Ink, brush and kleenex on carboard.
"The beauty I beheld transcendeth measure
Not only past or reach, but surely I believe
That only He who made it enjoyeth it complete."
--Dante (Paradise, c. XXX, 19-21)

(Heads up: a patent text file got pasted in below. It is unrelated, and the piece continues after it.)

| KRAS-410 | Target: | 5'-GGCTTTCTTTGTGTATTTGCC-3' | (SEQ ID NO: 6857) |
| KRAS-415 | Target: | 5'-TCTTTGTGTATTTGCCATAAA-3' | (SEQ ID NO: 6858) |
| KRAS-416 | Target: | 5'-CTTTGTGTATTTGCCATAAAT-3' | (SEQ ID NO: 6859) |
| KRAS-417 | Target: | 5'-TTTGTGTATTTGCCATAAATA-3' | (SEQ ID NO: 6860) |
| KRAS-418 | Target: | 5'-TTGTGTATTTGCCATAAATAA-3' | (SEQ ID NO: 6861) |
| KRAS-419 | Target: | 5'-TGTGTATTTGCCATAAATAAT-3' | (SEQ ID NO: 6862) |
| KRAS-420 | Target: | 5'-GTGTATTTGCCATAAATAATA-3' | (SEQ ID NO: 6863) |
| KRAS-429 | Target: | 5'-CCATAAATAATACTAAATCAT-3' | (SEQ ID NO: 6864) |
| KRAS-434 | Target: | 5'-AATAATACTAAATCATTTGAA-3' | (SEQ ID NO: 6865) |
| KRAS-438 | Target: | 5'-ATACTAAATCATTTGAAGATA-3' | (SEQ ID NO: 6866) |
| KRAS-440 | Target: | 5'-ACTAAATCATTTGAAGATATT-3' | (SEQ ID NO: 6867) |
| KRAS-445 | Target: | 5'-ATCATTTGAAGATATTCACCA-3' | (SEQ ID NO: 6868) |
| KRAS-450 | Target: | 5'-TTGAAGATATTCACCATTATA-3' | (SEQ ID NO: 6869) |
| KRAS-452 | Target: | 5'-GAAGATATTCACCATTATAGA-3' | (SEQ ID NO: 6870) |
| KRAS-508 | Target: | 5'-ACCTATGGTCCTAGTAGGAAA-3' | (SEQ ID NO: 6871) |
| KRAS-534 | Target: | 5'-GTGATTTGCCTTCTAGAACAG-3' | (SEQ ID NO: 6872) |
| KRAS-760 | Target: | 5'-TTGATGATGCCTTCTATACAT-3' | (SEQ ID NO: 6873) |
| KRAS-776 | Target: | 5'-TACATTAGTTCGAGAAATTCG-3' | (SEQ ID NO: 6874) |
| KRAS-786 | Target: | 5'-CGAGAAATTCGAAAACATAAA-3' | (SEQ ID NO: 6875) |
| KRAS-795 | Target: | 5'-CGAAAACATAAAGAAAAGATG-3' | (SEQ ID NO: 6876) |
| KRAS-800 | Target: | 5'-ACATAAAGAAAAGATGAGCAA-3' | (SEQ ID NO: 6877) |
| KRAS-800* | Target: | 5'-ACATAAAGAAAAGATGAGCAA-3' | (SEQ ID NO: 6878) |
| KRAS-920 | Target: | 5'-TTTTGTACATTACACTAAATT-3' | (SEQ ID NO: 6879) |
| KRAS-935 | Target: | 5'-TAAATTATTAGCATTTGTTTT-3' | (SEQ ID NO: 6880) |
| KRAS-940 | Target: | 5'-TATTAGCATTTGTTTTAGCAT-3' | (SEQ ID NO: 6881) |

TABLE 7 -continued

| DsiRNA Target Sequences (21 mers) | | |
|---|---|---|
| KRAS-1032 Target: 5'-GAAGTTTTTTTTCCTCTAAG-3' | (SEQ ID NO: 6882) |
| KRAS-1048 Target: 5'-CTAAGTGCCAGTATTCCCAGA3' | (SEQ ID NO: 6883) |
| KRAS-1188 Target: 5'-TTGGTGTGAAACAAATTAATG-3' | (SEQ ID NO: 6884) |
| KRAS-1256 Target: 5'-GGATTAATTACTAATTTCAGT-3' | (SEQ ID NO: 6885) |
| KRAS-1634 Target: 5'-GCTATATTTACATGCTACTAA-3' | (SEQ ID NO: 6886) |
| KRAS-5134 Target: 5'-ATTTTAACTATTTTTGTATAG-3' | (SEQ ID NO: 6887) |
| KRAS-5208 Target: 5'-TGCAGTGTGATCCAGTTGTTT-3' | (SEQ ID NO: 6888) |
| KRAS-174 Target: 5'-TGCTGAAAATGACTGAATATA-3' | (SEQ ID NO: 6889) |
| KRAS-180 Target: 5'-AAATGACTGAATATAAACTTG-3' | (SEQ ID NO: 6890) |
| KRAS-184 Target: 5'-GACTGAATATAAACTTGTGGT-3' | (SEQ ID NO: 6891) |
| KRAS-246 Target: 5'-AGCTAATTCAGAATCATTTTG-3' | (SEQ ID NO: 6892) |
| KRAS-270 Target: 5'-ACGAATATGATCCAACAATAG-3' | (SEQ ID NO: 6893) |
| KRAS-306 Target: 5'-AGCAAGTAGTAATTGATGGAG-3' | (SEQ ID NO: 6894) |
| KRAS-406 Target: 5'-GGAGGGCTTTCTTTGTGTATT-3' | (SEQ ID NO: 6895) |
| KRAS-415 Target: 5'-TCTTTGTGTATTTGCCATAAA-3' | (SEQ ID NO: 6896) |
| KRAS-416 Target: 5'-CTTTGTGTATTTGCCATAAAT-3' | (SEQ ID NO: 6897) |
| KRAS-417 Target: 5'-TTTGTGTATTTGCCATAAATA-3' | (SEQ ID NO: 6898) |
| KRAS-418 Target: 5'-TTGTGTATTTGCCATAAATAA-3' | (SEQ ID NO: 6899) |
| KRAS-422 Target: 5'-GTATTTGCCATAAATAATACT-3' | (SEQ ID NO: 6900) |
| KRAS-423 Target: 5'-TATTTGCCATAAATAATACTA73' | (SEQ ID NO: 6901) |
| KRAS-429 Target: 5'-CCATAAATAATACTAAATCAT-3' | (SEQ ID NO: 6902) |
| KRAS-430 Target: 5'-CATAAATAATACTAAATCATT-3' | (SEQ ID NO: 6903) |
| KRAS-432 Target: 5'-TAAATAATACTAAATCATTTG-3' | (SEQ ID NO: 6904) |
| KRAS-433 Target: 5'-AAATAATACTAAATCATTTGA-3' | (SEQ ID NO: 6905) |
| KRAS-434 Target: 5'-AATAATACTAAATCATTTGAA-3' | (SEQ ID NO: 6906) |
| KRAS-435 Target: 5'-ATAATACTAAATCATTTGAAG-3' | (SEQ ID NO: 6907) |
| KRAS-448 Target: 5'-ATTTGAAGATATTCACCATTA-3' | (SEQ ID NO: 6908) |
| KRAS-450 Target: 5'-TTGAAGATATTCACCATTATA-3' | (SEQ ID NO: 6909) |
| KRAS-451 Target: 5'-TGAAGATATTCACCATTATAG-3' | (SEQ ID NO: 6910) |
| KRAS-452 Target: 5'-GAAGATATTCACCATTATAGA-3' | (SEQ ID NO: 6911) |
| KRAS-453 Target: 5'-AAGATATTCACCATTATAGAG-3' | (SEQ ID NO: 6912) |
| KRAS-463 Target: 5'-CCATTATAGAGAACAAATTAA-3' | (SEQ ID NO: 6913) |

Paradiso (Italian for "Paradise" or "Heaven") is the third and final part of Dante's Divine Comedy, following the Inferno and the Purgatorio. It is an allegory telling of Dante's journey through Heaven, guided by Beatrice, who symbolises theology. In the poem, Paradise is depicted as a series of concentric spheres surrounding the earth, consisting of the Moon, Mercury, Venus, the Sun, Mars, Jupiter, Saturn, the Fixed Stars, the Primum Mobile and finally, the Empyrean. It was written in the early 14th century. Allegorically, the poem represents the soul's ascent to God, whatever you believe he-she-it is.